Receipts for payments made by job applicants; contents
Sec. 8. (a) For all payments made by any applicant for employment to any employment agency, there shall be given a receipt, on the back of which shall be printed in readable form in the English language: "No charge nor advance fee of any kind shall be accepted until a position has been secured for the applicant by the agency or through the efforts of the agency. In case any employer fails to accept an applicant or person obtained by any agency acting as the agent of such employer, then the licensed agency shall repay and return to said applicant ll of any payments made by said applicant to said agency.".
Ah, there's the loophole RL Stevens and others are trying to use. They say they are not required to get a license (and then claim they're not required to follow IC 25-16-1 et seq) because they aren't an employment agency because they provide other services, such as career planning. Wanna bet?
IC 25-16-1-11
Employment agency defined; exceptions
Sec. 11. (a) The term "employment agency", as used in this chapter, means any person, firm, limited liability company, or corporation, who for hire or with a view to profit, shall undertake or offer to secure employment or help through the medium of card, circular, pamphlet, or any medium whatsoever, or through the display of a sign or bulletin, offer to secure employment or help, or give information as to where employment or help may be secured.
RL Stevens definitely meets that definition. The fact the company offers other services simply doesn't matter.

Yours truly many years ago went to RL Stevens. I didn't bite on the high pressure sales pitch, which included the promise to get me to pay a high paying job if I paid them several thousand dollars up front. Curious, I looked up the statutes and found that it is illegal to ask for an up front fee to help someone land employment. I met with an official at DOR who showed me warning letters sent to RL Stevens and others about the need to get licensed. The official expressed regret saying they couldn't do anything because county prosecutors wouldn't prosecute because it was only a misdemeanor. That turned out to be not even necessary given the sweeping powers the DOR has to enforce the law. The DOR simply is not enforcing the law.

Lest anyone think I'm picking on RL Stevens, let me assure you there are hundreds of companies throughout the state which are doing the exact same thing as outlined in the Kara Kenney story. This is especially true now that our economy is in its worst shape since the Great Depression.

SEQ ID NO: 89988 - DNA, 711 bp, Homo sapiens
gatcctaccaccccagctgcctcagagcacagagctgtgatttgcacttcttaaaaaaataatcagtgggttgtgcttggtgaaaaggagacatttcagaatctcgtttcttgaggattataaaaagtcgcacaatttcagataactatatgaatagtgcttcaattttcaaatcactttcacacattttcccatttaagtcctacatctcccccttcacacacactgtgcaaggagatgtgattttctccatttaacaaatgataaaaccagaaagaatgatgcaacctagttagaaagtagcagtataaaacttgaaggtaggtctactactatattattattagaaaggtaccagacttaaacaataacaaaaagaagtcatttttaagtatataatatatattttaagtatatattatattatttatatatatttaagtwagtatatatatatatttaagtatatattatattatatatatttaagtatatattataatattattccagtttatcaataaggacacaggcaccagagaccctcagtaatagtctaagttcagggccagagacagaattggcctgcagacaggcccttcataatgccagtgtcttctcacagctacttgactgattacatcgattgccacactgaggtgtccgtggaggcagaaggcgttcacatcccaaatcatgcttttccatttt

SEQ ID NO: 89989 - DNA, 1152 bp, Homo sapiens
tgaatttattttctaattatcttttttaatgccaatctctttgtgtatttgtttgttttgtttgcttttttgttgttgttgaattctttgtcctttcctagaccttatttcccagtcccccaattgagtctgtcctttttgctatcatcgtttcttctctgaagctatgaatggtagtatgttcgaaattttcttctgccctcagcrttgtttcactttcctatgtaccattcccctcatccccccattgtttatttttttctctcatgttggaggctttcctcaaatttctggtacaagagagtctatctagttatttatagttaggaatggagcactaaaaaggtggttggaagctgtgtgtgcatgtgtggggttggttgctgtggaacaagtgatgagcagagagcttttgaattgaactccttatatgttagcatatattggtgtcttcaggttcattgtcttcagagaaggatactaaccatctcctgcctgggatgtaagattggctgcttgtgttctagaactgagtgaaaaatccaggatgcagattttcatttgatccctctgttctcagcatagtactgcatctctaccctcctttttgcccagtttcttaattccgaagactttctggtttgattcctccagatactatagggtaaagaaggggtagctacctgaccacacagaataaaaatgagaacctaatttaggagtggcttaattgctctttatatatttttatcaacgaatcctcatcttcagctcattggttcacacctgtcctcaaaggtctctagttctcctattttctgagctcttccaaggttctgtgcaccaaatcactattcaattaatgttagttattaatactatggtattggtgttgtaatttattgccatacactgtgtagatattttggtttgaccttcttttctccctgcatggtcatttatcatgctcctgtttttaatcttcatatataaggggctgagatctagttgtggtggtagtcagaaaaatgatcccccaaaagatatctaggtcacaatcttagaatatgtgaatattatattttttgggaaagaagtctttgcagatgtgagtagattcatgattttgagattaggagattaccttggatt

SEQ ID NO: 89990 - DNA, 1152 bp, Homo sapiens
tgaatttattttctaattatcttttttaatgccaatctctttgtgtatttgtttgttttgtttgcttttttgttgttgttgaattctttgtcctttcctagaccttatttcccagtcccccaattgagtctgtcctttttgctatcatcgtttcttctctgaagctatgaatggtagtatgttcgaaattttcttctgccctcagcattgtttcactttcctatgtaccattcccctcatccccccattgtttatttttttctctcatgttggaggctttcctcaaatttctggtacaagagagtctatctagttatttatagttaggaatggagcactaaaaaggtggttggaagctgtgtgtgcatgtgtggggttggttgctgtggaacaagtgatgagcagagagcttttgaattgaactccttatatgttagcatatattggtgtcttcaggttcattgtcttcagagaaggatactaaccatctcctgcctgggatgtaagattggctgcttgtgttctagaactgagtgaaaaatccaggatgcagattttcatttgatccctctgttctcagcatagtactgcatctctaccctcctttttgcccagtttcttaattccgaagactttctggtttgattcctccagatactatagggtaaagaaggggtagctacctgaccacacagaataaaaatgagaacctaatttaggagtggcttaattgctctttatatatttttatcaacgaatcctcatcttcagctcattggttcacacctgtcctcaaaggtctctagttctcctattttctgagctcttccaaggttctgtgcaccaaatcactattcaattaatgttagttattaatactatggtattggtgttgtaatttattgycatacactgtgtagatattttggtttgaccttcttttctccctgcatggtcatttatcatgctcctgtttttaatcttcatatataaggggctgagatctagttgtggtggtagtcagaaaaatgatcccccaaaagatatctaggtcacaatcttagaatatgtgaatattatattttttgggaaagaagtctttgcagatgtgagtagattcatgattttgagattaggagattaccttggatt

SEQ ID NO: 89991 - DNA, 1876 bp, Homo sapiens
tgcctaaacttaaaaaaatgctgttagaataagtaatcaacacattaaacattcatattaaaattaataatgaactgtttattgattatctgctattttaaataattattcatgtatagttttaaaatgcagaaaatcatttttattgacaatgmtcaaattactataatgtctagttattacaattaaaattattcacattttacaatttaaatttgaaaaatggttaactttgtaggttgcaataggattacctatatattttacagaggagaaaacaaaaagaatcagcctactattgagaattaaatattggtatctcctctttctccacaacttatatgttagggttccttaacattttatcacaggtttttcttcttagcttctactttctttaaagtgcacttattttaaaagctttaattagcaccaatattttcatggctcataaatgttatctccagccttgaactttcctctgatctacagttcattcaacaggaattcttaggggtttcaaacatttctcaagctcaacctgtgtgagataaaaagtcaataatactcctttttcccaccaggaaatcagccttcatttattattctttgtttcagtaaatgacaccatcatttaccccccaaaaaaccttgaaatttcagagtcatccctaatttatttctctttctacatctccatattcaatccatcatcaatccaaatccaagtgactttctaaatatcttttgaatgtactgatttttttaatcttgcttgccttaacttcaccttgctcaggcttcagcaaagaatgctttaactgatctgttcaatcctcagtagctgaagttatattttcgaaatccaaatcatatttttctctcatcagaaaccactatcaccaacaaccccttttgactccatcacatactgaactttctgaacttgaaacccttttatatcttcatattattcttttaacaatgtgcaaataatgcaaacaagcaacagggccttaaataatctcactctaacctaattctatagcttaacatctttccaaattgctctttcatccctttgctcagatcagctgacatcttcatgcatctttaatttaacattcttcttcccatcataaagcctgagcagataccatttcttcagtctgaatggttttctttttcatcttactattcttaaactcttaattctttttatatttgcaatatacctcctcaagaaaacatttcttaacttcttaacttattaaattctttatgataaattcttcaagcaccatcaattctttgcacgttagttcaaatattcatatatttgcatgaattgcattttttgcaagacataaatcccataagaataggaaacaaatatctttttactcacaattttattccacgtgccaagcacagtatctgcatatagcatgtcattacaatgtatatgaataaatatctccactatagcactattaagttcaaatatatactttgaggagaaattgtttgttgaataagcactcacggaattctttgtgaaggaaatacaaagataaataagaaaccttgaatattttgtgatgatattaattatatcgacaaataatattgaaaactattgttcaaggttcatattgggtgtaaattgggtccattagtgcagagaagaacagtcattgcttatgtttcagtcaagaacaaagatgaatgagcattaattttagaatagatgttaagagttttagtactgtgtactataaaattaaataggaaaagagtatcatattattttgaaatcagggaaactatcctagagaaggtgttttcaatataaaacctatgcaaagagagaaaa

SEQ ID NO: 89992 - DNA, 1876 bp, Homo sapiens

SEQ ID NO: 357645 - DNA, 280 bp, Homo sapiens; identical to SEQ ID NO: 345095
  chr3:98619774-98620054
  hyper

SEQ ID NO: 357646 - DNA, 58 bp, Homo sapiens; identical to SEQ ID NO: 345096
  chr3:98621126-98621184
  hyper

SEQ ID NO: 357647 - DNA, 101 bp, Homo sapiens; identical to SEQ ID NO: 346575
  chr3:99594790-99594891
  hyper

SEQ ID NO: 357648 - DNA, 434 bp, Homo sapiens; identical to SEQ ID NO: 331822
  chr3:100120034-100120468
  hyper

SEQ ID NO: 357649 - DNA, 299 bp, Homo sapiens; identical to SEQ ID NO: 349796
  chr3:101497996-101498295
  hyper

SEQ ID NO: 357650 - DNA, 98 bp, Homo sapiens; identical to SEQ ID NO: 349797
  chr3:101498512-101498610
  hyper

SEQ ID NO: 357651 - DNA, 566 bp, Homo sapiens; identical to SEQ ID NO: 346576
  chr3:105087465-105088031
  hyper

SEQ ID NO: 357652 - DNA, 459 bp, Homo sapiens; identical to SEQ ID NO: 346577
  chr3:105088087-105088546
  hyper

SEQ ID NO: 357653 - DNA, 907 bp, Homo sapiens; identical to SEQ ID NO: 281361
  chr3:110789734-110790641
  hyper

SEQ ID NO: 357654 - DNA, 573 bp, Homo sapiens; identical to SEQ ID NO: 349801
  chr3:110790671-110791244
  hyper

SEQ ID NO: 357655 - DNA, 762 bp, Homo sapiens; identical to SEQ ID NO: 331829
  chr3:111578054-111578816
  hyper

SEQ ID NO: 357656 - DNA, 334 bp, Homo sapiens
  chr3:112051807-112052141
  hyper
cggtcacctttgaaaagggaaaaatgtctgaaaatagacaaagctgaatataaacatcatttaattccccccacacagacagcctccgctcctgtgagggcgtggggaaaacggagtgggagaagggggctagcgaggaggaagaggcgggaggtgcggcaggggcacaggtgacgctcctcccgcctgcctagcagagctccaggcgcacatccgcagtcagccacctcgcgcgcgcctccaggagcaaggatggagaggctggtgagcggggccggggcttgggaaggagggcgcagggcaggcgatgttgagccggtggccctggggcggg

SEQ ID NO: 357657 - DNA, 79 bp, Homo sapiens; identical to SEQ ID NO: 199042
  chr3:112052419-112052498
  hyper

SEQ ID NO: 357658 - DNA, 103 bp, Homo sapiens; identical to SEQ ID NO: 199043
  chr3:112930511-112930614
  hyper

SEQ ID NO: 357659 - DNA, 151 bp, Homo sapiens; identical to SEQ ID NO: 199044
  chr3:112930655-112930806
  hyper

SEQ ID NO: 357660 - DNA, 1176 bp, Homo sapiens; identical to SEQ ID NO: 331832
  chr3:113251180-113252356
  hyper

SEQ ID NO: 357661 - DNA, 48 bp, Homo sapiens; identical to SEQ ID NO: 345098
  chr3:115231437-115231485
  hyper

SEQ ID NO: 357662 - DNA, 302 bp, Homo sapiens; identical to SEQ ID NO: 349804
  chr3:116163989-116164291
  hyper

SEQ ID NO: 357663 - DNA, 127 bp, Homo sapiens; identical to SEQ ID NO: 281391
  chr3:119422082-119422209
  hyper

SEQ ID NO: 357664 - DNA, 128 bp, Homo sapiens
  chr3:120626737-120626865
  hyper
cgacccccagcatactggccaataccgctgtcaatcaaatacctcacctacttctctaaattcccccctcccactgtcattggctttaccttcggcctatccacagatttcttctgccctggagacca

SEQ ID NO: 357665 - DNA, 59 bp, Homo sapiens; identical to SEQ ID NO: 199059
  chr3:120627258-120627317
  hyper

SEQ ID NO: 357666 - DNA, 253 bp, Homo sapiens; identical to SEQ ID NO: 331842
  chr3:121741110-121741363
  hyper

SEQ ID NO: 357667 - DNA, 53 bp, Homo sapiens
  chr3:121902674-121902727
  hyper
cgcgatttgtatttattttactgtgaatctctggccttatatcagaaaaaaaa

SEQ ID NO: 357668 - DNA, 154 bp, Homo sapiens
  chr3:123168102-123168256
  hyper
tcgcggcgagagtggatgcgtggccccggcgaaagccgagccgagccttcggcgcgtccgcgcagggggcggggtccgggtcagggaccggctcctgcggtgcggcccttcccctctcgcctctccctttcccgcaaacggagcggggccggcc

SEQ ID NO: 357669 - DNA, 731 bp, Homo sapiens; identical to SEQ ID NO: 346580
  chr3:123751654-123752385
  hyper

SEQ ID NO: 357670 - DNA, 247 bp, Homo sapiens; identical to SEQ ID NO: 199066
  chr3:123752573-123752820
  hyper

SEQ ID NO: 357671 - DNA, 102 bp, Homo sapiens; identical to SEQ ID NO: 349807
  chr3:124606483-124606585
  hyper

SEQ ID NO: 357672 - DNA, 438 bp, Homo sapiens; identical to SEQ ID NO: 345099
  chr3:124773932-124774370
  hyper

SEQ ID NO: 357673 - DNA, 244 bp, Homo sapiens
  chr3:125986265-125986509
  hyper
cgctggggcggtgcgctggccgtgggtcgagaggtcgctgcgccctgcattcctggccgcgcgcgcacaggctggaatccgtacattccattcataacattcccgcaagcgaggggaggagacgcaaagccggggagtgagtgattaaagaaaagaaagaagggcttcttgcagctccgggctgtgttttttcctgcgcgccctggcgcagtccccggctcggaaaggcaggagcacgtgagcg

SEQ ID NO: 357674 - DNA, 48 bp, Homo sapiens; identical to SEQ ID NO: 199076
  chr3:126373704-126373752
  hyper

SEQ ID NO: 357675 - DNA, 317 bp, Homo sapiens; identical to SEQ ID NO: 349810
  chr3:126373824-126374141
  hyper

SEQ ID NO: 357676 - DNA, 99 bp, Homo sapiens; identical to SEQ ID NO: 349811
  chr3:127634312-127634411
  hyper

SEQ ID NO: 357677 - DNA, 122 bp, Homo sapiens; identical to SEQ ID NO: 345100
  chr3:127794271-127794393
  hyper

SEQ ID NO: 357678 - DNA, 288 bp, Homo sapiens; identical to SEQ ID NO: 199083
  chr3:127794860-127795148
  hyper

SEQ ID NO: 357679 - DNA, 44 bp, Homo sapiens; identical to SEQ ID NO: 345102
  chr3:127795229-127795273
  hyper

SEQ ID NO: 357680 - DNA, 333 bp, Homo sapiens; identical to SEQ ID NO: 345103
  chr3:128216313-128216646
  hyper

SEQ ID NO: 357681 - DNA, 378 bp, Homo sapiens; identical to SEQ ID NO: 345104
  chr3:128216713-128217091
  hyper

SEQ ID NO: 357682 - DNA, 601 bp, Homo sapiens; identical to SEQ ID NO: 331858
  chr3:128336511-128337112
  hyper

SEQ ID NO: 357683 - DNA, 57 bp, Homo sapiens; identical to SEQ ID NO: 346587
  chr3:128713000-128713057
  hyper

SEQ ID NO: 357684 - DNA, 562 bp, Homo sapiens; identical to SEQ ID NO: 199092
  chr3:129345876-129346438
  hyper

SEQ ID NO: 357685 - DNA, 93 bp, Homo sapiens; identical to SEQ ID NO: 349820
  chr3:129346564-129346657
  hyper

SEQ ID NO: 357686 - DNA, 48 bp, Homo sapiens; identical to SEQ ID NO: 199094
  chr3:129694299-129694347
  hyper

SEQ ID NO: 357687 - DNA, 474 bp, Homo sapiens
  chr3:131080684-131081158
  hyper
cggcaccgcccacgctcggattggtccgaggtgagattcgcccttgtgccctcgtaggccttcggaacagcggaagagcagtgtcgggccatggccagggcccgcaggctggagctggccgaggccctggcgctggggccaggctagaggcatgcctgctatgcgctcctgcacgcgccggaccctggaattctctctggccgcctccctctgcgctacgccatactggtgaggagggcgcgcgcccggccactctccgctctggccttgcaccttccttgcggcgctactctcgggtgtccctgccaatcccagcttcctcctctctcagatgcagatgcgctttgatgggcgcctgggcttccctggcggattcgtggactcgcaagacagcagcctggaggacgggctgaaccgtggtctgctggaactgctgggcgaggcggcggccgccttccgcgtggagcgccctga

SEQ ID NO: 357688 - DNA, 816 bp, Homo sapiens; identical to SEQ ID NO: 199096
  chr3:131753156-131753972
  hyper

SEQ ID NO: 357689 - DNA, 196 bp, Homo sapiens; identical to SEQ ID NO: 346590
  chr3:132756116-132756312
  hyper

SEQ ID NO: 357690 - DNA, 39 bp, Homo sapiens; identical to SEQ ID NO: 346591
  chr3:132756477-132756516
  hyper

Why aren't we insisting that our state agencies know the law they are charged with enforcing? Why aren't we insisting that consumers be protected? Here it does npy even appear that the Attorney General or the Department of Revenue knows the law regulating employment agency or even who is responsible for the regulation.


concerned citizen said...

The approach of the Attorney General’s Office is obscene in itself. Does the Attorney General act as a mediator between banks and bank robbers in order to help banks get their money back?

I know said...

The AG will represent the wealthy and the connected to help cover up their thefts and frauds. I know because they are doing it today. So the bank robbers will have to stand in line and take a number.

The AG will not only act as a mediator it will take the side of the robbers. They have done it!!!!!

foretell said...

I have been there too, “I know.” I agree with your assessment.
I don’t blame the Attorney General, however, as much as I blame the Indiana Legislature. The Legislature gave us an Attorney General with few powers and the Legislature gave us this Soviet style judicial system in which judges run unopposed.

Paul K. Ogden said...


I don't buy that nonsense that the AG has no power. In case after case, the AG has power but just doesn't use it.

We repeatedly experienced that when it comes to mortgage fraud. The AG was repeatedly given cases on a silver platter involving misconduct by real estate agents and appraisers (who they regulate) and the cases languish for years without the AG doing anything.

In this case, apparently no one at the AG's office thought to actually look up the law. We had the same thing happen at the title insurance division...the AG would have complaints on title agents that were 6 months to a year old just collecting dust in their files. Then they would finally send them to us since we were the proper regulatory body.

The AG doesnt' have criminal prosecutorial power, but the Indian AG has enormous power in the civil arena to pursue cases. Further, contrary to the claims of Carter and Zoeller, there is no requirement that they be "invited" by a prosecutor before conducting an investigation.

Having said that, I do believe our AG should have prosecutorial power. Giving all that power to the county prosecutors, without any check, is a big mistake.